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How do you try to improve your writing?

I try to avoid old, stupid things. 0.17542429407841 17.5% [ 2367 ]
I add new things. 0.14733565552509 14.7% [ 1988 ]
A combination of both (if one more than the other, pick it). 0.6772400503965 67.7% [ 9138 ]
Total Votes:[ 13493 ]
Trixa Pyswell
If the hero/heroine has a best friend of the opposite sex, they WILL fall in love.
It's just how it goes.

EDIT: But of course they wont realise that before the hero(ine) has been sleeping and 'almost in love' with some handsome person.
On the other hand, if the hero(ine) has a best friend of the same sex and they're both straight, they will fall in love with the same person. The hero(ine) will always win this person's affections, however, causing jealousy and feuding, but eventually the best friend will realize the error of their ways and make a sappy speech about how you can't force someone to love you.

If one of them is gay, it will be the best friend, and they will fall in love with the hero(ine). Their feelings will be unrequited.
Tavreynya
Trixa Pyswell
If the hero/heroine has a best friend of the opposite sex, they WILL fall in love.
It's just how it goes.

EDIT: But of course they wont realise that before the hero(ine) has been sleeping and 'almost in love' with some handsome person.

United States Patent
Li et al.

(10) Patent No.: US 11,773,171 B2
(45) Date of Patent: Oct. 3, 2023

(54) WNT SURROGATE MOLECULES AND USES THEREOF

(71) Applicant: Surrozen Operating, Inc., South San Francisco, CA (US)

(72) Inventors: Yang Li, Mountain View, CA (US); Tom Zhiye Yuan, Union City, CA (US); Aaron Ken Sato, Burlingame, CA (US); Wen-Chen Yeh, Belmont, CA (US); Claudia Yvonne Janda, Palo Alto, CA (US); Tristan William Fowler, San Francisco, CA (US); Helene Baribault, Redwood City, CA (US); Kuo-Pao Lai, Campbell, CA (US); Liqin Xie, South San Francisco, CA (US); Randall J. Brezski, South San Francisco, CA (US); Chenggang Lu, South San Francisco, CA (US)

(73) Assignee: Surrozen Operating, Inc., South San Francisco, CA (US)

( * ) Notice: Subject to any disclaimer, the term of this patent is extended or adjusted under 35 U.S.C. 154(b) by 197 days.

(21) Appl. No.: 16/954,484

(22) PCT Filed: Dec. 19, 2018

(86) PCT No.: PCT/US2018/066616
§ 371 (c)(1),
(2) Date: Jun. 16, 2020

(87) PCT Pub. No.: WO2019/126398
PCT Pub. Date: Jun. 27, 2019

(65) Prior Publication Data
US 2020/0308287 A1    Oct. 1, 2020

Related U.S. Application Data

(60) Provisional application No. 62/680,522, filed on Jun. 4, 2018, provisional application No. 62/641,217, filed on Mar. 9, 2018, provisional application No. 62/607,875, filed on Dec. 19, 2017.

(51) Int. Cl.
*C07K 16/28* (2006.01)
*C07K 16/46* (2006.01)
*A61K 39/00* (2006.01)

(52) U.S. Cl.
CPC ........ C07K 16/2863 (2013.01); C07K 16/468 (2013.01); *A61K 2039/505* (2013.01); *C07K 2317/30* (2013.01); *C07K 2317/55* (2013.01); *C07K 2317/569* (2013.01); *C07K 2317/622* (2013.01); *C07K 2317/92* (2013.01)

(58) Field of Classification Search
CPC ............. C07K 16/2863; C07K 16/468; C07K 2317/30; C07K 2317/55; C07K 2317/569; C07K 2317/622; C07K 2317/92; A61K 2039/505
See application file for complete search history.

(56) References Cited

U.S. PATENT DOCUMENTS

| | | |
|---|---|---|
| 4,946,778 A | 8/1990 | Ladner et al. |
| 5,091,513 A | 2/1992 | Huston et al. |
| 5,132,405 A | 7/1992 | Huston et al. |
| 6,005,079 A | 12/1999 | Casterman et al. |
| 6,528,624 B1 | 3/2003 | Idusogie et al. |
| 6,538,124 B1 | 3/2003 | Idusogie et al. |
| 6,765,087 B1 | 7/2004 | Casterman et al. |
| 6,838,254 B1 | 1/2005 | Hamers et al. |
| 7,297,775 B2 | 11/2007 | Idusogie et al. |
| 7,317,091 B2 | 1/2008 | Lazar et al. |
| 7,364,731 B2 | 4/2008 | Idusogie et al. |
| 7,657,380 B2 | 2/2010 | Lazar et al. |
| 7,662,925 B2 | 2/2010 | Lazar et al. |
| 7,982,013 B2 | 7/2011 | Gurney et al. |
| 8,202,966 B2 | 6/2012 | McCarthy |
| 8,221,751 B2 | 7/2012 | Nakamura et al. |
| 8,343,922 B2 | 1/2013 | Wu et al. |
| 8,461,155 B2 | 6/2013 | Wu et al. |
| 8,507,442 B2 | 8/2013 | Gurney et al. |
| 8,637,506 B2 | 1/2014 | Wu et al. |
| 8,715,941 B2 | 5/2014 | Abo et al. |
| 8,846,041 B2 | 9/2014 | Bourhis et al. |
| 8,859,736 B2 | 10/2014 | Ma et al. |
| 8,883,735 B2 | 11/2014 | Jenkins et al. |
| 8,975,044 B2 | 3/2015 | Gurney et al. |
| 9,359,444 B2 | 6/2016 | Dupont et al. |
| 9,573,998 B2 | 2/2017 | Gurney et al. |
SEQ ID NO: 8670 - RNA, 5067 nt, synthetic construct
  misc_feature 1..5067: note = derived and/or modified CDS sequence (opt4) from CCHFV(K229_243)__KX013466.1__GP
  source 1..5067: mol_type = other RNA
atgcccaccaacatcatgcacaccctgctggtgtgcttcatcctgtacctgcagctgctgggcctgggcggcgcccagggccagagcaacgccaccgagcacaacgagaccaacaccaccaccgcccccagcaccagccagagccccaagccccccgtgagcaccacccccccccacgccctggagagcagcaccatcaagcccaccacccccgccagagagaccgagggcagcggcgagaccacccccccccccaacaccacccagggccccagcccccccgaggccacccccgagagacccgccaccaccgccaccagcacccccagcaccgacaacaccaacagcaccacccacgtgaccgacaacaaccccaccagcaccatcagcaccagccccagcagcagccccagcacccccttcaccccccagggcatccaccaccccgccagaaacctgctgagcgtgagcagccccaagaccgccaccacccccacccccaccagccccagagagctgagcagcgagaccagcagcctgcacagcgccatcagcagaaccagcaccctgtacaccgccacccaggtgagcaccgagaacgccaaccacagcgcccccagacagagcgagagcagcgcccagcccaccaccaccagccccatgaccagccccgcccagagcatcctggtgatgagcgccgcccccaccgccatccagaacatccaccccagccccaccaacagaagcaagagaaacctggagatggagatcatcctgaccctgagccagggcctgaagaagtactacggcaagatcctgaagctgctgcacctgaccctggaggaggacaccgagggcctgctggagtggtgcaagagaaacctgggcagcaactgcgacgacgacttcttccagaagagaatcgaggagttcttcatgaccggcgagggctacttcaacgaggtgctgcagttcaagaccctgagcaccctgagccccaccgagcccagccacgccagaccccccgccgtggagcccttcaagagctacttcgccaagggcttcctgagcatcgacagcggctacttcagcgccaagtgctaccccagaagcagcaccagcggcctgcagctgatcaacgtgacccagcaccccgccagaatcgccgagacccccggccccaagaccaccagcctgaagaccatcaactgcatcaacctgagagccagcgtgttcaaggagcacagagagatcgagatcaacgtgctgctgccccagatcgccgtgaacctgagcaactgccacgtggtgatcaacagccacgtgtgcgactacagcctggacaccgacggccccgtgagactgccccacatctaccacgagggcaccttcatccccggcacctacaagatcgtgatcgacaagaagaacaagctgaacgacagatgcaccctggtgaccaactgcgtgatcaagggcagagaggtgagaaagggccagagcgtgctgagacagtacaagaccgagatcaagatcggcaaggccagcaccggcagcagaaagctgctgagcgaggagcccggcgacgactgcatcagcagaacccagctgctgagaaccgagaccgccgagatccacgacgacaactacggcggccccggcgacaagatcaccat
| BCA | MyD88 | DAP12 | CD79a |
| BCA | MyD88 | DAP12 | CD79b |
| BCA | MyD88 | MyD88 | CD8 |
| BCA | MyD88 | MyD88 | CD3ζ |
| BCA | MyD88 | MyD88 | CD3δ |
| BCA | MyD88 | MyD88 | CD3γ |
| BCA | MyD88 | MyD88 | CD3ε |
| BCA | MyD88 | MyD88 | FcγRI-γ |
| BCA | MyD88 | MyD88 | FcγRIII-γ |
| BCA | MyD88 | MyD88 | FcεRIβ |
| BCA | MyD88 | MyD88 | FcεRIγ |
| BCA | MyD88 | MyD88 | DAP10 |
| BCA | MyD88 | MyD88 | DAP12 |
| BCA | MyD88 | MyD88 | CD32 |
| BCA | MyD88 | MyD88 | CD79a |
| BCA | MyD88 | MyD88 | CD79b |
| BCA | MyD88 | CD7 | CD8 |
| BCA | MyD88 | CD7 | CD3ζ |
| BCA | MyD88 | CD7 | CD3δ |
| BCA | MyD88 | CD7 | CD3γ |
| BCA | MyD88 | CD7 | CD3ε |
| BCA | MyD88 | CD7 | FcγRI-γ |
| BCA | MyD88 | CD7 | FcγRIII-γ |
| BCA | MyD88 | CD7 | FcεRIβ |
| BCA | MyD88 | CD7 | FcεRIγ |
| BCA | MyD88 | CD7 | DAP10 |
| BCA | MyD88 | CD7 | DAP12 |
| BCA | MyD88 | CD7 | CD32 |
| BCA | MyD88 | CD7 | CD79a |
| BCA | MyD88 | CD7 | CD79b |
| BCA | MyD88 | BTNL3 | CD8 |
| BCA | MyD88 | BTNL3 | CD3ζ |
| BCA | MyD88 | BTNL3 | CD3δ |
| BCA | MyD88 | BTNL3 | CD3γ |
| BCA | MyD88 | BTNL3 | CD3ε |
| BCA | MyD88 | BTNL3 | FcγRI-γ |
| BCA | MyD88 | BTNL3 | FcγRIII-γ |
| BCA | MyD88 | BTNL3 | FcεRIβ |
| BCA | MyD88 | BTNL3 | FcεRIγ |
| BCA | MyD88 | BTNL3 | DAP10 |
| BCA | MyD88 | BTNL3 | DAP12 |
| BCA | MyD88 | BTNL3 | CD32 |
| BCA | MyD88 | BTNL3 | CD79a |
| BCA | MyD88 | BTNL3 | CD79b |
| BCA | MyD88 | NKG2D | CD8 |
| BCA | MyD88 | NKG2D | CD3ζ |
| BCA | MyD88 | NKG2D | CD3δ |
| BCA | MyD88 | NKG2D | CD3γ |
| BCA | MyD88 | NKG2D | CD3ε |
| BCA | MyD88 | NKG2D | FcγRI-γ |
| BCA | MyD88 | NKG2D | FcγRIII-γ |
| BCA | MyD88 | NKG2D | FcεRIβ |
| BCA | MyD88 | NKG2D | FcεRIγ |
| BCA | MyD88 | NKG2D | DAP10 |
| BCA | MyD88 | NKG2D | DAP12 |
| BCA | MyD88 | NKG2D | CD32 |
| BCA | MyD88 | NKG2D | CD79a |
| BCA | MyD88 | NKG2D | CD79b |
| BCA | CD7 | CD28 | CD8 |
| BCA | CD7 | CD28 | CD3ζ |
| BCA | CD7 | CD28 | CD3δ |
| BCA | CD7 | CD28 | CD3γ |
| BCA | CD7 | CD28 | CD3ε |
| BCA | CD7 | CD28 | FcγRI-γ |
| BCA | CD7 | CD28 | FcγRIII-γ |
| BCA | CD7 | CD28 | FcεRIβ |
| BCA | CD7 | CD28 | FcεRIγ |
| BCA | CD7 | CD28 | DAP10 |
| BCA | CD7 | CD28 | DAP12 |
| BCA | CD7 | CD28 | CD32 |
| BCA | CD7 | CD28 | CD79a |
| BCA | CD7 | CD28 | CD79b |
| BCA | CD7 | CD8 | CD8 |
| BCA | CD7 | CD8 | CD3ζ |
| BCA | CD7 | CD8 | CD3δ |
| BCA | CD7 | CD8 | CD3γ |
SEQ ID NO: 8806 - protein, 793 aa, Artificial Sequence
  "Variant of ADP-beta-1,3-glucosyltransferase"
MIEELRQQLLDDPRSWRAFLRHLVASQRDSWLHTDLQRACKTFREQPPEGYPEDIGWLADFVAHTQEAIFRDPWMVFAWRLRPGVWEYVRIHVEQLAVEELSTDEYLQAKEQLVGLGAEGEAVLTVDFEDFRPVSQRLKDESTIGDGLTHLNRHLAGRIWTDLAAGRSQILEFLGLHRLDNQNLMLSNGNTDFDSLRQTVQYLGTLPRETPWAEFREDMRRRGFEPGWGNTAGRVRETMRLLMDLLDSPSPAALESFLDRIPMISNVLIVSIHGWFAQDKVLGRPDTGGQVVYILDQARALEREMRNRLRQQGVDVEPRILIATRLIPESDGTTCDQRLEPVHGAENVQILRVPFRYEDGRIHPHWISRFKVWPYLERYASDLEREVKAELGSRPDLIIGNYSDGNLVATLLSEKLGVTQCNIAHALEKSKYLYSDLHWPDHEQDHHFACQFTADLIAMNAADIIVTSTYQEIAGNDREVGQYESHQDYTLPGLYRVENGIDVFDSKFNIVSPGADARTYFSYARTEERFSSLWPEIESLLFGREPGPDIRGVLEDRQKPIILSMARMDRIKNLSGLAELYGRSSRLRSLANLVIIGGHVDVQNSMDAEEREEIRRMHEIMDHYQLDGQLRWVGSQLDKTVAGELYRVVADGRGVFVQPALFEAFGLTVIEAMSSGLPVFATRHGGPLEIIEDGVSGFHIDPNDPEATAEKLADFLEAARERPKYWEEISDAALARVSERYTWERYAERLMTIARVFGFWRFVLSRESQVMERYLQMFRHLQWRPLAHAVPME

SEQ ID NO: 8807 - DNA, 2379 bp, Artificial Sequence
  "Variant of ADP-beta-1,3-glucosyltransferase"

On the other hand, if the hero(ine) has a best friend of the same sex and they're both straight, they will fall in love with the same person. The hero(ine) will always win this person's affections, however, causing jealousy and feuding, but eventually the best friend will realize the error of their ways and make a sappy speech about how you can't force someone to love you.

If one of them is gay, it will be the best friend, and they will fall in love with the hero(ine). Their feelings will be unrequited.


Naturally. O:
The main character must have a long-lost sister/brother/childhood-friend-they-haven't-seen-in-years. This person must resurface at some point in the story, probably as the main villain or an insanely powerful ally. Right before they appear, you should have the main character start saying "hmm, I wonder what happened to so-and-so." This will make your audience wonder too.